Don’t fall into Cambodia’s orphanage trap, Australians told, by Lindsay Murdoch

1451208080232-1Phnom Penh: Tara Winkler, a former NSW Young Australian of the Year, says it is “highly unethical to expose vulnerable children to serious risks in order to engage donors and raise funds”.

Ms Winkler says potential abusers are not being vetted among a high volume of visitors to Cambodia’s 600 orphanages and children’s residential care centres who are allowed to physically interact with children in intimate ways, such as playing games and hugging.

“Even though the majority of people who want to visit centres are good people who only want to help, if they are allowed in to provide love and affection, then the same access is provided to potential predators and sex tourists,” she said.


Children at a Phnom Penh orphanage. Photo: Lindsay Murdoch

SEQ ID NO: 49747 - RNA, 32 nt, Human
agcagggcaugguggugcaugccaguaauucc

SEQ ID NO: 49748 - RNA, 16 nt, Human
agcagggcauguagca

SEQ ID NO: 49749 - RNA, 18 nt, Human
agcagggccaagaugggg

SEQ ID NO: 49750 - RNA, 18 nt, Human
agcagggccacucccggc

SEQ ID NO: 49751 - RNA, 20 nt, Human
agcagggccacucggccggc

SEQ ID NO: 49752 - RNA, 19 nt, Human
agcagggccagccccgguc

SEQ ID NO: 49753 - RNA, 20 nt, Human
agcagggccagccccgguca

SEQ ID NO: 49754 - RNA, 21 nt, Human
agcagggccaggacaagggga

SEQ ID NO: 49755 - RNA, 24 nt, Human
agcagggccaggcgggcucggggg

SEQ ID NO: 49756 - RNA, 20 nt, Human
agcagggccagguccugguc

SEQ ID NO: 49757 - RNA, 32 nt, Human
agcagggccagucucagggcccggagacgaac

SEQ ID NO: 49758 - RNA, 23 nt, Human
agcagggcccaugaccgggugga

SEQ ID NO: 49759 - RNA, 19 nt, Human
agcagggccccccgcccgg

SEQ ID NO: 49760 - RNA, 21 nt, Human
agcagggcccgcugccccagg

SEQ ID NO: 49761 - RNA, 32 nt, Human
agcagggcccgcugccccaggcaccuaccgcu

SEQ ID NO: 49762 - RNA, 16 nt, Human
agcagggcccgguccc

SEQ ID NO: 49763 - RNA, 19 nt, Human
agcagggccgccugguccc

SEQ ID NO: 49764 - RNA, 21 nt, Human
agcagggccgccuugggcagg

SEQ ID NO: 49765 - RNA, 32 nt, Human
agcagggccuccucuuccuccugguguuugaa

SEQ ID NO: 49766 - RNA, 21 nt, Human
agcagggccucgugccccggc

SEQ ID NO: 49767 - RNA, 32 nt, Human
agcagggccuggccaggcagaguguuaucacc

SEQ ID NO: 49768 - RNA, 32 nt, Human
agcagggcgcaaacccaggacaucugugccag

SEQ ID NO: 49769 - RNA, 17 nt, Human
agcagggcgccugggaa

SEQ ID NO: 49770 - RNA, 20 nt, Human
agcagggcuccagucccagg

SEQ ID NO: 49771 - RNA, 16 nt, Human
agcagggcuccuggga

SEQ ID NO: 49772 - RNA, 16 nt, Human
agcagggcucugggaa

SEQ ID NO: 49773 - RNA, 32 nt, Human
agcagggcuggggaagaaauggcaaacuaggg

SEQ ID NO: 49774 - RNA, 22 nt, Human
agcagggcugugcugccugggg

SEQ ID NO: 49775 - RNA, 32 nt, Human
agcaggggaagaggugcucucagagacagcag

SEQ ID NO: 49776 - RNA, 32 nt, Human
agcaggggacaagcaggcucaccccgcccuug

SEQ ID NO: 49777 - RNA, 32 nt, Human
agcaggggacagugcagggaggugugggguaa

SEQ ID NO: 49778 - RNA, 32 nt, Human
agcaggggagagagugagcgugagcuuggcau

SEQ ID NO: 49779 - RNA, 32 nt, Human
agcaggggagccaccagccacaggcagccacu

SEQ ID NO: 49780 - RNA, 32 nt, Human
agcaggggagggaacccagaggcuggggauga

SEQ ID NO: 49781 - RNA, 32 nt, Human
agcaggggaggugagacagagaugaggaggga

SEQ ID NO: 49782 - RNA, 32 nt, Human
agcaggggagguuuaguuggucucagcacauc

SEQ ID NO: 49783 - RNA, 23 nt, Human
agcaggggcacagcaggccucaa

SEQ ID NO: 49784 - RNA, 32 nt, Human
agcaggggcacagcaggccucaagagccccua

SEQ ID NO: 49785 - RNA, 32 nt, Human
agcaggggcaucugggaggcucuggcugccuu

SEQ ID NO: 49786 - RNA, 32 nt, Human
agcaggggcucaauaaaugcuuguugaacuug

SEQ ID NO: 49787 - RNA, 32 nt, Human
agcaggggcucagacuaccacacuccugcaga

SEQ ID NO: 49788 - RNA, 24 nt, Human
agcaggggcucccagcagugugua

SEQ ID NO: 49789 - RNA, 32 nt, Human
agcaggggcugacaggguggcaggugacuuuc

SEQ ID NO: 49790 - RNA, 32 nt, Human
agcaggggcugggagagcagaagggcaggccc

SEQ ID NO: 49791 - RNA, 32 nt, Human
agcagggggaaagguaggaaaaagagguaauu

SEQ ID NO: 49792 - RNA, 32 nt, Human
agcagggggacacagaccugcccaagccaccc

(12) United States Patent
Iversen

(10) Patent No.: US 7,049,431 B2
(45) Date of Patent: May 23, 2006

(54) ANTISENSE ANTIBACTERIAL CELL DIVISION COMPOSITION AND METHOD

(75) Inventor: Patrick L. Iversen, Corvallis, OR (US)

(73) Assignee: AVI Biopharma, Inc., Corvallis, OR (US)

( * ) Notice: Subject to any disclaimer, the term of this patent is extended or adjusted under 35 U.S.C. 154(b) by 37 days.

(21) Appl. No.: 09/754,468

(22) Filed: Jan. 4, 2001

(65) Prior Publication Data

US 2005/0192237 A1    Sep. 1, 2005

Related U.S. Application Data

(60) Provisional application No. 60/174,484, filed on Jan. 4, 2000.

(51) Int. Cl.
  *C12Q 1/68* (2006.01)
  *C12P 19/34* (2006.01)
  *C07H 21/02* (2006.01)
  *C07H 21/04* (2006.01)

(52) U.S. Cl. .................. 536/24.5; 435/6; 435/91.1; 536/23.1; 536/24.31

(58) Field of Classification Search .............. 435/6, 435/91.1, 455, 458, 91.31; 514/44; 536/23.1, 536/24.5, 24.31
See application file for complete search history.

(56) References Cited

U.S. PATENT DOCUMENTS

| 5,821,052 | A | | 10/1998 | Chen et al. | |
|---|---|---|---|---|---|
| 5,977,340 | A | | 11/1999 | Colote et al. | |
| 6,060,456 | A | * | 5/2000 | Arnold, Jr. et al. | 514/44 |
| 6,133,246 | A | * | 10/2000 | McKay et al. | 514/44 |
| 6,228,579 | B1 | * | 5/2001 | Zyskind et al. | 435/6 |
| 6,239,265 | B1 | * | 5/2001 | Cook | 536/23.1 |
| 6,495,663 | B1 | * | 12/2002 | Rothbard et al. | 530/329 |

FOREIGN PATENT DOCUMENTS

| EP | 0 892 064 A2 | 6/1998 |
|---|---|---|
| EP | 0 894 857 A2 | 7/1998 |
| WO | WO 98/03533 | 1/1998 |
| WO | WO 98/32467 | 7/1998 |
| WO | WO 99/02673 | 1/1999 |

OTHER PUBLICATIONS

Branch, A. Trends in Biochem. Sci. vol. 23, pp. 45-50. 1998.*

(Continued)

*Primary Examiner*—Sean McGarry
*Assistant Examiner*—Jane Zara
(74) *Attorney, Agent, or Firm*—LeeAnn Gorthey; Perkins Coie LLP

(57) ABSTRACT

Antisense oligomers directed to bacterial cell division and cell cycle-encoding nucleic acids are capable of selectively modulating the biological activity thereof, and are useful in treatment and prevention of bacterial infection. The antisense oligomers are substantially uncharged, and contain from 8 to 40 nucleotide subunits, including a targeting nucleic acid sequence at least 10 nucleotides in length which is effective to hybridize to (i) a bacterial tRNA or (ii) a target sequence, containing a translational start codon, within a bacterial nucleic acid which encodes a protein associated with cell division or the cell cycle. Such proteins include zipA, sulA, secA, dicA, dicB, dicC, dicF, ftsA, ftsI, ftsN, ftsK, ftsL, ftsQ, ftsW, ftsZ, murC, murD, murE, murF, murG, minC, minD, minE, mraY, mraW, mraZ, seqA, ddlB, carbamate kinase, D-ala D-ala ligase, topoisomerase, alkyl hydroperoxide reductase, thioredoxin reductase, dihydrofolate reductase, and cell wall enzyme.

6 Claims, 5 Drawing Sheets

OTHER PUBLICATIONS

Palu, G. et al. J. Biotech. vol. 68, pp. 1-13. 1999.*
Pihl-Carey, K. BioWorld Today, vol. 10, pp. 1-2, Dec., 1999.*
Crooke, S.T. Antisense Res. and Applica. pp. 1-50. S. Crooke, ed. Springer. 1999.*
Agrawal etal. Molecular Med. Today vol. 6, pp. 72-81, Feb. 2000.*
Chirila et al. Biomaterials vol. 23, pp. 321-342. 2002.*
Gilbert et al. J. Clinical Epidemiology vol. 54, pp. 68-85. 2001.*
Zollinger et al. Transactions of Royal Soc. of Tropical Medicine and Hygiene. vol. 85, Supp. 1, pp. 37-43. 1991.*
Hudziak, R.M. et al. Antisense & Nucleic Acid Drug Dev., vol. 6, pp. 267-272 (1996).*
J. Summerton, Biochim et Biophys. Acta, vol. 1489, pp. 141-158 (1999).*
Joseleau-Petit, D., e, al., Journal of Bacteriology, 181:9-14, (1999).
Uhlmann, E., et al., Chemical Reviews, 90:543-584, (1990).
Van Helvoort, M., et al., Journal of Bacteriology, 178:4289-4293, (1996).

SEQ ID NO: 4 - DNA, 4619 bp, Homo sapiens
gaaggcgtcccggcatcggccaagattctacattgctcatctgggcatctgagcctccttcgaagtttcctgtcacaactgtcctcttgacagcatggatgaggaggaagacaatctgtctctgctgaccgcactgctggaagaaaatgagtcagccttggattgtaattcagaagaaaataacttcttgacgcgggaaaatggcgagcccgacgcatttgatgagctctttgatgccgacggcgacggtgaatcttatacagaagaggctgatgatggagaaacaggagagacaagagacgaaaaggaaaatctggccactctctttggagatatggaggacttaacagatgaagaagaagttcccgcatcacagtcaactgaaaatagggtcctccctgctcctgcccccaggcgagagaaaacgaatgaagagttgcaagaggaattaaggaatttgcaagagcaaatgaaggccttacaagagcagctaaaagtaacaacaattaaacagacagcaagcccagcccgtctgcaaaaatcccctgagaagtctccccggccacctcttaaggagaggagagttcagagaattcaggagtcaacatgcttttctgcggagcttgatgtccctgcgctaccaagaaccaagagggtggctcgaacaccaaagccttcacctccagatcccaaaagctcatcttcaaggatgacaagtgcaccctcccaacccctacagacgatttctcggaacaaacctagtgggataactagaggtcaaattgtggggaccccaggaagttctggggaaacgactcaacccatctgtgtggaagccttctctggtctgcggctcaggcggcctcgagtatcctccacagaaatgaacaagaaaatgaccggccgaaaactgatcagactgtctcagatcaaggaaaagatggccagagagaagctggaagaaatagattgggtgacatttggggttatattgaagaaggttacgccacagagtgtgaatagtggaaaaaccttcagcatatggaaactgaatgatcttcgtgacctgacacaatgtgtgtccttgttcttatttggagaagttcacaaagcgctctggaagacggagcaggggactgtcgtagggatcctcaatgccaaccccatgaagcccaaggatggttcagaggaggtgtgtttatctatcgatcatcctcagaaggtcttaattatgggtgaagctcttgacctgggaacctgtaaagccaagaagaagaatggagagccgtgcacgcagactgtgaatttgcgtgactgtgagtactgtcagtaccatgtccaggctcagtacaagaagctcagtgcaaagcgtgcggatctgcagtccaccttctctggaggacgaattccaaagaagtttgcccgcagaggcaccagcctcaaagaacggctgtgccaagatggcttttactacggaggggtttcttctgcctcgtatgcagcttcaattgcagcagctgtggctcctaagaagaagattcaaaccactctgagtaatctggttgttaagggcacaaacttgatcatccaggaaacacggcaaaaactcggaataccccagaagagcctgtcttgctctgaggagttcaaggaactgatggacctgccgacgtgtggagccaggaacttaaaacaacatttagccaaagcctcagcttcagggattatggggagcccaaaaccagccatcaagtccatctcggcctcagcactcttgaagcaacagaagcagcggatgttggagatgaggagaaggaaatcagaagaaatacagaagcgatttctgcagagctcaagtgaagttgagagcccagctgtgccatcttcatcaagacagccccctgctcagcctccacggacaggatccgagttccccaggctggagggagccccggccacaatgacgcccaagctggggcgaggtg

Fairfax Media has reported that strangers can walk uninvited off the street into a Phnom Penh orphanage, where they are greeted in bedrooms with children trained to engage visitors and encourage them to donate money.

A record 47,900 children are living in orphanages and residential care centres in Cambodia, despite research showing that the institutions scar their emotional and personal development through seemingly endless broken relationships, and that they should be living with their families in their own communities.

(To read more of this article, please follow the link below…)

Yay for Barbie’s New Looks! By Mary Bowerman and Hadley Malcolm